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TitleImplementing linguistic text anticipation in a writing device for the disabled
AuthorWaller, Annalu
SubjectCommunication devices for the disabled
SubjectWriting - Materials and instruments - Data processing
SubjectCommunication aids for handicapped
SubjectComputers
SubjectPeople with disabilities.
SubjectWriting - Instrumentation
Date2017-12-13T14:18:21Z
Date2017-12-13T14:18:21Z
Date1989
TypeThesis
TypeMasters
TypeMSc (Med)
AbstractThe advent of the microcomputer has provided the severely handicapped with the means to create text. Instead of using a keyboard, the disabled typist is able to scan and select linguistic items with an appropriate input switch. The resulting communication rate is, however, prohibitively slow for writing and impractical for conversation. A variety of techniques is used to improve this rate and range from static letter matrices to more sophisticated methods in which words and phrases are anticipated. Although many anticipatory methods claim to be linguistically based, most, if not all, depend solely on letter and word frequency statistics. A series of phonological rules can be used to anticipate the letter structure of most English words. This linguistically based system reflects a degree of "intelligence" not present in other anticipatory writing systems. To evaluate and compare the new system with several existing techniques in practice, a programmable evaluation system has been developed on an IBM-compatible personal computer using the Artificial Intelligence language, LISP. Different communication strategies are transcribed into rulebases which serve as input to the software. The core program then executes the particular system under consideration. Input text can be processed in either manual or simulation mode and an evaluation report is generated when the session ends. The characteristics of efficient communication systems are introduced as a basis for this dissertation, after which the development and application of a linguistic anticipatory writing system is described. The design of the evaluation software is documented and the successful implementation of the various communication systems is discussed.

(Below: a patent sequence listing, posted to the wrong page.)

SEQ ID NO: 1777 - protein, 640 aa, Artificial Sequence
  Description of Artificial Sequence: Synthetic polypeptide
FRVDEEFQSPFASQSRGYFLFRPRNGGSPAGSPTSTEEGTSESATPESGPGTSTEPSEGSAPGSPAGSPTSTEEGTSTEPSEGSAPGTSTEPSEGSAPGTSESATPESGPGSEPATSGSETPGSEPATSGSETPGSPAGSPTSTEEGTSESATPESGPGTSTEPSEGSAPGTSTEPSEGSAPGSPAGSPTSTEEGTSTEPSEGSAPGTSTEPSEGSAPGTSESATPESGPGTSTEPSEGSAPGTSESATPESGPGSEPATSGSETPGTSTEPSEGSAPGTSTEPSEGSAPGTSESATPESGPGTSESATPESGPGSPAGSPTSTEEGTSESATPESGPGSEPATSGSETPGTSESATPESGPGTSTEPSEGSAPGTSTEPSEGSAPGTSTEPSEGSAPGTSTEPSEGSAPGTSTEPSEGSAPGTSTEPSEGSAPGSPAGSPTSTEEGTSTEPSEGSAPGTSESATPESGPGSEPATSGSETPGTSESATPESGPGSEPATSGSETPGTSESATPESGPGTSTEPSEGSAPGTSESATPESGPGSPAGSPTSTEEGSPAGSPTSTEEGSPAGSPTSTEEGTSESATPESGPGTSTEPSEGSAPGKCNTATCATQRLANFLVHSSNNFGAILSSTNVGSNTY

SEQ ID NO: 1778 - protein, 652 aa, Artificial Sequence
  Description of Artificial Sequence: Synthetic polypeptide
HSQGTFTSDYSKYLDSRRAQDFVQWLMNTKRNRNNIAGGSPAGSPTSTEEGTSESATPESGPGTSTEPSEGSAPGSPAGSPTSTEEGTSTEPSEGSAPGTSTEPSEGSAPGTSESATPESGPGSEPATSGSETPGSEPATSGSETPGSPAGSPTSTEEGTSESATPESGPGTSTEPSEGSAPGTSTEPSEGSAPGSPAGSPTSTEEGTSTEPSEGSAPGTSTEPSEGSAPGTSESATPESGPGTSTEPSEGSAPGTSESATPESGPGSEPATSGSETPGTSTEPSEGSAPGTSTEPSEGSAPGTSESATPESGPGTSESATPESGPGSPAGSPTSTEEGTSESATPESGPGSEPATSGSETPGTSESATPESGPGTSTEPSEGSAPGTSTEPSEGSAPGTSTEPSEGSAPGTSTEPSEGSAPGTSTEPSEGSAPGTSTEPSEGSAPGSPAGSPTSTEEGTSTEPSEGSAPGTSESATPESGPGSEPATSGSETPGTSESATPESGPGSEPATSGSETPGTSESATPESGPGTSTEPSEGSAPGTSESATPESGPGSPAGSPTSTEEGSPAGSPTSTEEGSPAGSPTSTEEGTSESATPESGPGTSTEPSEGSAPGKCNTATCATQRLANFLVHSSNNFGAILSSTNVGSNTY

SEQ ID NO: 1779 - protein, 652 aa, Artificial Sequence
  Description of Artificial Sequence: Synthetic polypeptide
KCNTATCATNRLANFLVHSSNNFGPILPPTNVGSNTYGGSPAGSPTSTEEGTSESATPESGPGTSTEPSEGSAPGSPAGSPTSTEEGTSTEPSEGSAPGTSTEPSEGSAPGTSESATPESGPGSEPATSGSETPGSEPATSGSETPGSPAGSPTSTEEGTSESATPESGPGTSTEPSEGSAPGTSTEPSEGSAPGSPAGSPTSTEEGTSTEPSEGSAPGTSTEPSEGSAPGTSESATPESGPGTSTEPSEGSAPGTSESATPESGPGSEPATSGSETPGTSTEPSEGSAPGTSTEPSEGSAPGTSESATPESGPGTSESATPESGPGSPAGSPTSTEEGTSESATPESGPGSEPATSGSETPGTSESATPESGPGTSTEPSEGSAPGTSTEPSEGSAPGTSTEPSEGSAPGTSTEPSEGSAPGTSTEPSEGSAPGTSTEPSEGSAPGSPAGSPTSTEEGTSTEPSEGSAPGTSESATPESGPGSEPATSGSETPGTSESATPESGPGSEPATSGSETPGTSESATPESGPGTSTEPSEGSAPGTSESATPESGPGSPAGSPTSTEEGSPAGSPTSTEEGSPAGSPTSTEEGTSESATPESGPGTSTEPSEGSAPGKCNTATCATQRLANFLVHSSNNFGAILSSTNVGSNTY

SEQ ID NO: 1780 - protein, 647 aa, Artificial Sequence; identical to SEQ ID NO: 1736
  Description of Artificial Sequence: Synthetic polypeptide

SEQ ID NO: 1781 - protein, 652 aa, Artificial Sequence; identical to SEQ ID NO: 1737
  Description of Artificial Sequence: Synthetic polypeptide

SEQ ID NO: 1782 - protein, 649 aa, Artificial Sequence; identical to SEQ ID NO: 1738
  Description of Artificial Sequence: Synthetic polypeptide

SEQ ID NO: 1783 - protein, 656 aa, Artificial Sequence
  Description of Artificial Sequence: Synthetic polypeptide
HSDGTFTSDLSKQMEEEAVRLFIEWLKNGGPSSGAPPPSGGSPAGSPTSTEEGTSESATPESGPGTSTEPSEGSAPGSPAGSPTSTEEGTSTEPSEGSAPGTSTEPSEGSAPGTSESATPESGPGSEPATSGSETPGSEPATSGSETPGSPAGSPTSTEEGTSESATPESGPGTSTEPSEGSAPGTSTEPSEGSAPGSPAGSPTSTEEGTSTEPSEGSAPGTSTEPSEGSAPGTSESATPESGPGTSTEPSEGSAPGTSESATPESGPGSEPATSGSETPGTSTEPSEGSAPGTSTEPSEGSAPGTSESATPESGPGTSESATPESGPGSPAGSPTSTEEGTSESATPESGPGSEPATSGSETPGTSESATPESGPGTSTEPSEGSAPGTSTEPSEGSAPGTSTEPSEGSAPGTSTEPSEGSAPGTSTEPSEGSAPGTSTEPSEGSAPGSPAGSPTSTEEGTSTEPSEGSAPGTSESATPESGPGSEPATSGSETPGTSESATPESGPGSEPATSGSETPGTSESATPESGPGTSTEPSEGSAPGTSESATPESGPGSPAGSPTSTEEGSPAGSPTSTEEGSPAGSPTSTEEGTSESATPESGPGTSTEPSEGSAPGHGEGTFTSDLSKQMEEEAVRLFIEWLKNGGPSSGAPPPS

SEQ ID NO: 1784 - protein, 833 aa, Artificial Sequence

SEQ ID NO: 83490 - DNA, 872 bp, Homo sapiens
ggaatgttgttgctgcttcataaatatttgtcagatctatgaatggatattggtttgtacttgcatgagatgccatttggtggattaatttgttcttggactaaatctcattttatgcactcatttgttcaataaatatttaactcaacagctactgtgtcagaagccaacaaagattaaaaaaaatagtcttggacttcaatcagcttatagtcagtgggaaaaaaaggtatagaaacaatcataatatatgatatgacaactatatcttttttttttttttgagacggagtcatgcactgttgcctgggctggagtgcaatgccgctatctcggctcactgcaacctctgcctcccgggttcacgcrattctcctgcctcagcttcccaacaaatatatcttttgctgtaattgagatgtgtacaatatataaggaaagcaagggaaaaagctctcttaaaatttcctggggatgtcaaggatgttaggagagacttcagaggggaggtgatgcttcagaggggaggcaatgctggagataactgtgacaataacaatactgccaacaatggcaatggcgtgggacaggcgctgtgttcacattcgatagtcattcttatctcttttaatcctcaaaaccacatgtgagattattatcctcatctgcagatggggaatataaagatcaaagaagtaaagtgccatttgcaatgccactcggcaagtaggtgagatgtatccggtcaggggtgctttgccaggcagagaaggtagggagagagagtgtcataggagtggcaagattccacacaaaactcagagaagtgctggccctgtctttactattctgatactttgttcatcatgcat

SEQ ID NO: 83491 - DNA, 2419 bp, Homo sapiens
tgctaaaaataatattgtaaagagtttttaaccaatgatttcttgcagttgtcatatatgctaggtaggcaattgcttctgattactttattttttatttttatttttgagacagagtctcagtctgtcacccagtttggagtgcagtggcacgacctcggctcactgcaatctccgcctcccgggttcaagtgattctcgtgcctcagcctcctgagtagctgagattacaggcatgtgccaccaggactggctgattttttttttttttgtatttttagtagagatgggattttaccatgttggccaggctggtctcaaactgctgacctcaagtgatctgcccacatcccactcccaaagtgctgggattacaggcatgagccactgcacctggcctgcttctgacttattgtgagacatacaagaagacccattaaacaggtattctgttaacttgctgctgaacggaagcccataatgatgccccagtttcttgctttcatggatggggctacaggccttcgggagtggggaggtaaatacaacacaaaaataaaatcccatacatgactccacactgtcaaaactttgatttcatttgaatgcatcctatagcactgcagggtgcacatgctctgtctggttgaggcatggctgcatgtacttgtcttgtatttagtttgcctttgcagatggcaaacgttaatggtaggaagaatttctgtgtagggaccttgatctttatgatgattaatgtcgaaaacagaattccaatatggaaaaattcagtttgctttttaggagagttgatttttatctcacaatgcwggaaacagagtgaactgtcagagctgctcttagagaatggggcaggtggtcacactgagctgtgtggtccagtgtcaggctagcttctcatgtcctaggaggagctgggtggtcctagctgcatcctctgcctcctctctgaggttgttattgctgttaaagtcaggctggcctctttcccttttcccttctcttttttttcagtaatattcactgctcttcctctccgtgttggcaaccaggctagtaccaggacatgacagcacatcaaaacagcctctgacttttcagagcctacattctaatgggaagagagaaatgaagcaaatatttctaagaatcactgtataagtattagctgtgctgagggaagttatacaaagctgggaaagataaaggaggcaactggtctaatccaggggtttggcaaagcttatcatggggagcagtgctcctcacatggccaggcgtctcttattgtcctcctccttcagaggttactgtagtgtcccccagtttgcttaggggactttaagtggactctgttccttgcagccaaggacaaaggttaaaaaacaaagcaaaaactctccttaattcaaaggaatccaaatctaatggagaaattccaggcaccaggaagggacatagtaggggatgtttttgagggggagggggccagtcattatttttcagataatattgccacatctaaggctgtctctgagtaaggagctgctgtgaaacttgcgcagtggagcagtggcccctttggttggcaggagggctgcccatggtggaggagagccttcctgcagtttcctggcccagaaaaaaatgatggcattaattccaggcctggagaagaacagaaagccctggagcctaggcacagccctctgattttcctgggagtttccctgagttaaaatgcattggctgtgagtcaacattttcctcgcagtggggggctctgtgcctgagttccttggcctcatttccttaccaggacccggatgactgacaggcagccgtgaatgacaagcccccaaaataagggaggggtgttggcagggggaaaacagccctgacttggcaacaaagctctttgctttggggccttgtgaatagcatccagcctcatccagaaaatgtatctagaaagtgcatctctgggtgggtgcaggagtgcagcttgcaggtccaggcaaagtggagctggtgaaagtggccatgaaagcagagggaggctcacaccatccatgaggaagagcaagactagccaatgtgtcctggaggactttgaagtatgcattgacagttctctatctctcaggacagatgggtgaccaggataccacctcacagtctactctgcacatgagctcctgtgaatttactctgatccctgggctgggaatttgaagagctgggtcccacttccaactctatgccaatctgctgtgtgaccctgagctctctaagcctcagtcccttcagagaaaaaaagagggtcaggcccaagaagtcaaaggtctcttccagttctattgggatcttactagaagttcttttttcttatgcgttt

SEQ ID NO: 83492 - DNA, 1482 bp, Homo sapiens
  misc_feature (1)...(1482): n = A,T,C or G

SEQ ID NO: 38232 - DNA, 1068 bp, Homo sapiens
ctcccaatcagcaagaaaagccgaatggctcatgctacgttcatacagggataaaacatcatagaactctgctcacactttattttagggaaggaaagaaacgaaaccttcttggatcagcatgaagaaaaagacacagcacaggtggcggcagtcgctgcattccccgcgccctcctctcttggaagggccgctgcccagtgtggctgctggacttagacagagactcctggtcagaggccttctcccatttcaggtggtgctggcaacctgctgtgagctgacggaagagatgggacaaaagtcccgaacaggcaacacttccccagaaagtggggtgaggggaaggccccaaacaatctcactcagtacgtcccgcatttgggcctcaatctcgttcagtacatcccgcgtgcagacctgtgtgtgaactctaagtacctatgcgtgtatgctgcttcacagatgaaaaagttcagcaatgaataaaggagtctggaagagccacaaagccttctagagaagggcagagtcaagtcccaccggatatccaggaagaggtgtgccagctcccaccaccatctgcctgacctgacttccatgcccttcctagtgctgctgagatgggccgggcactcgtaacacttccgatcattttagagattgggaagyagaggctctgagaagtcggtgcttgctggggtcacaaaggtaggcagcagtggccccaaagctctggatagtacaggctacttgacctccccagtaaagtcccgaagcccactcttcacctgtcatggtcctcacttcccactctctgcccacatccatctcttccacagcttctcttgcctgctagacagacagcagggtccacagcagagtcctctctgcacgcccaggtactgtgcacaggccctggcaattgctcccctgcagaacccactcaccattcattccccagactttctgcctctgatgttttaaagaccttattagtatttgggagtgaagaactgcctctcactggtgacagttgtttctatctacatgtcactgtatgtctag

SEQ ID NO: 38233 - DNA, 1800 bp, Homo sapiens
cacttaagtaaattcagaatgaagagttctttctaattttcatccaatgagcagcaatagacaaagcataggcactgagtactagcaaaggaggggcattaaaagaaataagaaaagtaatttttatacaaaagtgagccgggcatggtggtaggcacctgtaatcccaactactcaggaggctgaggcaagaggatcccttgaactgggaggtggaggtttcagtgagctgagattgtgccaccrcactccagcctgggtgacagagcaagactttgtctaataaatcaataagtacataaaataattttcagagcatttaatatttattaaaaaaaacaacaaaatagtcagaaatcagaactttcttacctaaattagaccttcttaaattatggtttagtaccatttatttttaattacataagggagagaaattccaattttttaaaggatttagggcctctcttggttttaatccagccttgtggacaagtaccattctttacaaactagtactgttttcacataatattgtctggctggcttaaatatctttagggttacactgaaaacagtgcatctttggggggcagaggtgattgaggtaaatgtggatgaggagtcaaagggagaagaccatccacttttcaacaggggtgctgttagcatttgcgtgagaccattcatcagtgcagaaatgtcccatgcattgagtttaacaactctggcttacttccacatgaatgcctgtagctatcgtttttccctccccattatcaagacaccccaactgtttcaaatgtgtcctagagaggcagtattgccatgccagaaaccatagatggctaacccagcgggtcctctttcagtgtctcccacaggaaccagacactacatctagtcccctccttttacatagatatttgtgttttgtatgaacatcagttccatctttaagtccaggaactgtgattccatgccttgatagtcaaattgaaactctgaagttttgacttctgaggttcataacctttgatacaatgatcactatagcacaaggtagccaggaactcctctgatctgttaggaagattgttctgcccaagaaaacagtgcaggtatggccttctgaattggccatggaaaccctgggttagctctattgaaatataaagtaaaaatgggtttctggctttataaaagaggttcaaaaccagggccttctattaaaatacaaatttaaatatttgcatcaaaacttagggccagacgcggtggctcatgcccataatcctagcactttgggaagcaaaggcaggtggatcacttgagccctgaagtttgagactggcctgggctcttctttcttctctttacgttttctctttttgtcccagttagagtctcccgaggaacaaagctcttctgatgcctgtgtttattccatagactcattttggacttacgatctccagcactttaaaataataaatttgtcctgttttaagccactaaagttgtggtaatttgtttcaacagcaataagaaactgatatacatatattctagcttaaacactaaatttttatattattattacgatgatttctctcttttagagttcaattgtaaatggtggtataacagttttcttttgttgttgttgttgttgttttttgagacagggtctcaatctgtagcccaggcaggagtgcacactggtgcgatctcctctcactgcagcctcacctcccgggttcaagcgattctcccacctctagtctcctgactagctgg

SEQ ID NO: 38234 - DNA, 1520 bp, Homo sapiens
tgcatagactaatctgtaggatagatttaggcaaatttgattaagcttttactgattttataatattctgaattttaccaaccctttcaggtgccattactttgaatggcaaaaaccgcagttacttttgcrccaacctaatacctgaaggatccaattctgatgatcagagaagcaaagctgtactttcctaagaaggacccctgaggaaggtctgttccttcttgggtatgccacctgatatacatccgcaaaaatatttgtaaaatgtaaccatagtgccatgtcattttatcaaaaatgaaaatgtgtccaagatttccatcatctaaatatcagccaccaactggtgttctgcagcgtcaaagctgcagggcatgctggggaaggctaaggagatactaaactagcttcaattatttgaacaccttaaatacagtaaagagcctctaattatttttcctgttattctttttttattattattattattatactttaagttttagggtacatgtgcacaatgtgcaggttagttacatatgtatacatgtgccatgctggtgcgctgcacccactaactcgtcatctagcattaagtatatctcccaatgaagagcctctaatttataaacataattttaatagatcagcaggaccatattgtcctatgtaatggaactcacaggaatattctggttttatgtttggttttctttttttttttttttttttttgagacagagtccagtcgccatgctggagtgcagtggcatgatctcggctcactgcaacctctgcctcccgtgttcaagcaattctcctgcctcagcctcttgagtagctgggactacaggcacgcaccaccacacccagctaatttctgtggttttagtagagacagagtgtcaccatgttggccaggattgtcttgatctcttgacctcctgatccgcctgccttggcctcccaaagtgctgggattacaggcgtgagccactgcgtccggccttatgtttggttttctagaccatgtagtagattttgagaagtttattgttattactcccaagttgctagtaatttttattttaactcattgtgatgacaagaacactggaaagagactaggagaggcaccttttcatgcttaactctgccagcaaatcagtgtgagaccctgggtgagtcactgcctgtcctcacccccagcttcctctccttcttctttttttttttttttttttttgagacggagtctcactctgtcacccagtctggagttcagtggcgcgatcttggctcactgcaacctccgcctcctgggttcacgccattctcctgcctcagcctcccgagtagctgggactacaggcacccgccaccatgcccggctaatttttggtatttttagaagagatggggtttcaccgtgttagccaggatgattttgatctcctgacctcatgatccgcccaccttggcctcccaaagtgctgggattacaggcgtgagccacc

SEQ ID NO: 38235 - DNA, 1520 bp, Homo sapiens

PublisherUniversity of Cape Town
PublisherFaculty of Health Sciences
PublisherDepartment of Human Biology
Identifierhttp://hdl.handle.net/11427/26608